|'Give me an 'e'! give me a '4'! What have you got? Open game!' (Image credit)|
A certain Magnus Carlsen had, it is rumored, won a rather important match recently.
Young and enormously talented, we hear the usual prediction about him winning the world championship: that this will make chess massively popular, as in the case of Susan Polgar (who, frankly, should know better, presuming she is serious and not just trying to please the interviewer) which argues cheerleaders in chess might be the next thing, or others arguing that it will make chess cool, that we are now in the "Carlsen era", and so on.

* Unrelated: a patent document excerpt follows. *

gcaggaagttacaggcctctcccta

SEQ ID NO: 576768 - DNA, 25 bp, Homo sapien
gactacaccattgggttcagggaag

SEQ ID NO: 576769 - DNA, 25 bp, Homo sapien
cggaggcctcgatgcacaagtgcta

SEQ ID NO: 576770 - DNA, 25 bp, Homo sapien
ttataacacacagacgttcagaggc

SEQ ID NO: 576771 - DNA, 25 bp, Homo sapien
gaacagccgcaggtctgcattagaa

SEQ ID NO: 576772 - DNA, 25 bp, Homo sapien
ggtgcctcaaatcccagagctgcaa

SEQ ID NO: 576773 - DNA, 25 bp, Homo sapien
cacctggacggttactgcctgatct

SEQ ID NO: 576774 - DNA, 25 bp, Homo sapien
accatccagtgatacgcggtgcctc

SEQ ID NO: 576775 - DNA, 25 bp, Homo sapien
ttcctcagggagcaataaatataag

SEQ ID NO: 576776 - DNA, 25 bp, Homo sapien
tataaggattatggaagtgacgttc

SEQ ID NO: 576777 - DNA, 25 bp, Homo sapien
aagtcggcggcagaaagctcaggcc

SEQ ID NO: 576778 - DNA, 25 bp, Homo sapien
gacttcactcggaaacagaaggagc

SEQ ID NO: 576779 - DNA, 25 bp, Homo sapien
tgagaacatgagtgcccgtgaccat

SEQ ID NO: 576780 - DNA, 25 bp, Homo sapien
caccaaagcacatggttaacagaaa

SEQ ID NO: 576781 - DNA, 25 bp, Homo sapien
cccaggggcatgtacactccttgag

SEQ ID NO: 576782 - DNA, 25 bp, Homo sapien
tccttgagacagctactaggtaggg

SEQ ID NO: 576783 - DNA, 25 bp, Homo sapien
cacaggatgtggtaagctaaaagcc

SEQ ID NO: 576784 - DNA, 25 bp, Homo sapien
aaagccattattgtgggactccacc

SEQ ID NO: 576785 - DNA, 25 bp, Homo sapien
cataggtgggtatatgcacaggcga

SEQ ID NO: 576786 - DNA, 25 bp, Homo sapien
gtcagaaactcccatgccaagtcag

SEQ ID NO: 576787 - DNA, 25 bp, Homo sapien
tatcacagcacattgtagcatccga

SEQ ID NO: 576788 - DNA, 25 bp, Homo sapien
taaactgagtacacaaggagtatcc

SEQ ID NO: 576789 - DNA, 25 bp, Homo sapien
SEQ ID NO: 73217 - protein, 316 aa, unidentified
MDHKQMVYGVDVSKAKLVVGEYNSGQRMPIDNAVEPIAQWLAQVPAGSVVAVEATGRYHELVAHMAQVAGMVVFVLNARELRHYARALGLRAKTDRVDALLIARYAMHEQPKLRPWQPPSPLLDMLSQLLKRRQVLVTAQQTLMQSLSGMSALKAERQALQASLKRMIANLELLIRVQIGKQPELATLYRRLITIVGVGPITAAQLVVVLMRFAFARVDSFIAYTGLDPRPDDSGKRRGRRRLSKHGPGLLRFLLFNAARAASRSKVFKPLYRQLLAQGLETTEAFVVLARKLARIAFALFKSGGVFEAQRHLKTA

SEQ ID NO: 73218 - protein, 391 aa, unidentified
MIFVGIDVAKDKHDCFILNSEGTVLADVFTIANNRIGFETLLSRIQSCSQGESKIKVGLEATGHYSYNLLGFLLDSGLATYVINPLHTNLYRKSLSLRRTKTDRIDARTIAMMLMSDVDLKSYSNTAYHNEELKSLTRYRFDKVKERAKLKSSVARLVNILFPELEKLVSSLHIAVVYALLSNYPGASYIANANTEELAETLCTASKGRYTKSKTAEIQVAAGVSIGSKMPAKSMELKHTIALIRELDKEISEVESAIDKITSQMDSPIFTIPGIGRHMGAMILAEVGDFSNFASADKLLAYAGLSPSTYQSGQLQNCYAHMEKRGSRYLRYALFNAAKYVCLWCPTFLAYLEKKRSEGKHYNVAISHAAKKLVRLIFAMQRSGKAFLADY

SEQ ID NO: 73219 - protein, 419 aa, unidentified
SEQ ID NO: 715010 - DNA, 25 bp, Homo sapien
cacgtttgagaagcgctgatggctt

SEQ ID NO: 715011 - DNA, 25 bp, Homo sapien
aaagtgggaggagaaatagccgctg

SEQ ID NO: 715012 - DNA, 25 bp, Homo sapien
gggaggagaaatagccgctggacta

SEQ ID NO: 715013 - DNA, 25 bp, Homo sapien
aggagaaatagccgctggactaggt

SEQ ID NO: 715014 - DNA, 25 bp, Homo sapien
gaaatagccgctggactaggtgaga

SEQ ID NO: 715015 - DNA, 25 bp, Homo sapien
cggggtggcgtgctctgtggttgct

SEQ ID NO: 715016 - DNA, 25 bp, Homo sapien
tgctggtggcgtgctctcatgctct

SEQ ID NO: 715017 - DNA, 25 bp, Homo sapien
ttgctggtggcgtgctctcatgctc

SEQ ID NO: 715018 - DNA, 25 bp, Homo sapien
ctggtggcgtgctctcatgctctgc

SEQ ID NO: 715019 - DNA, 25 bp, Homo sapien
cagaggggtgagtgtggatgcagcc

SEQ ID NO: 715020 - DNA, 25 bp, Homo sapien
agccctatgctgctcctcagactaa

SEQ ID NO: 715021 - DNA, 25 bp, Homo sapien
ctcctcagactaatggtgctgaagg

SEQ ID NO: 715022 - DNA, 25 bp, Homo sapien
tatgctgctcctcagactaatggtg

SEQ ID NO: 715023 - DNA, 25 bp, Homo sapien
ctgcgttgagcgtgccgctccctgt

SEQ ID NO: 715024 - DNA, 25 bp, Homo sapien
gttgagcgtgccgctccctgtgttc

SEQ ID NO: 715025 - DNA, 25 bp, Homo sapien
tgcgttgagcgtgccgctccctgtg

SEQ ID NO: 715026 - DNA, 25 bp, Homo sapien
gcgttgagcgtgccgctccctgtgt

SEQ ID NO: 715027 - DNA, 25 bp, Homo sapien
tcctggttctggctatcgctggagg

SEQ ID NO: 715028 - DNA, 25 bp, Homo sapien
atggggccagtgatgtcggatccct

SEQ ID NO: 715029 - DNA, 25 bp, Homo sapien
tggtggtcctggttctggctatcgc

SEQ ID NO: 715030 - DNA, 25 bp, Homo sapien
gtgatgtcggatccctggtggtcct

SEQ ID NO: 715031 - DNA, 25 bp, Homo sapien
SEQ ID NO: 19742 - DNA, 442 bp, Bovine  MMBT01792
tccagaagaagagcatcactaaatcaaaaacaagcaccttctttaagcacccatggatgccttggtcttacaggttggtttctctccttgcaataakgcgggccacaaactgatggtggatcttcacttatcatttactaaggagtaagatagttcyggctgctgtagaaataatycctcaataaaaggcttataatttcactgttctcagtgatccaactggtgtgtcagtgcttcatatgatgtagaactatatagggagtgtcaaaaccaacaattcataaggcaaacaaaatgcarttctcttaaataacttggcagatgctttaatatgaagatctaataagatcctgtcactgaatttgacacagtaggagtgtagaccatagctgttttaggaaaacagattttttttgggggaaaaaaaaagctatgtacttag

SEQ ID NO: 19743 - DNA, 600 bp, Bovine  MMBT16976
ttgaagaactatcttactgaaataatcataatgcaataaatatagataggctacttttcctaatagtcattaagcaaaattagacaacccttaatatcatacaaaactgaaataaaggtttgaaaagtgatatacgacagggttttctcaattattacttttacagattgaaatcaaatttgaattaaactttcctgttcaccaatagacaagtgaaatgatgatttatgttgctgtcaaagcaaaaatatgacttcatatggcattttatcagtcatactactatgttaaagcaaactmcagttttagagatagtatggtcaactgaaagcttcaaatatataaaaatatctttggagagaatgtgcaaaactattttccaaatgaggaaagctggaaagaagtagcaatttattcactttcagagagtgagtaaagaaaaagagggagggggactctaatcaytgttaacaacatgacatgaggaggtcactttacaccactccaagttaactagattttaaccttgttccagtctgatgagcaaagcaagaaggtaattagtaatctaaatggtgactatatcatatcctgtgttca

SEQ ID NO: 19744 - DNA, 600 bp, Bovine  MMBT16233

Possibly. But while Kasparov won the world championship in a similar age and indeed ushered in a nearly 20-year-long unchallenged reign (though without cheerleaders, except of the metaphorical sort), one should note that the equally young and talented Tal, Capablanca, and Fischer either lost the title on their first attempt to defend it, or else (in Fischer's case) failed to defend the title at all. Edward Winter's Chess Notes -- see "Chess History" link on the links list -- is an excellent source for numerous successful or failed predictions of this sort. Also, for rather obvious reasons, no matter who wins the world championship, cheerleaders and millions of new chess fans are not too likely.
All this is not said, of course, to belittle Carlsen's achievement, but as a note against making such predictions.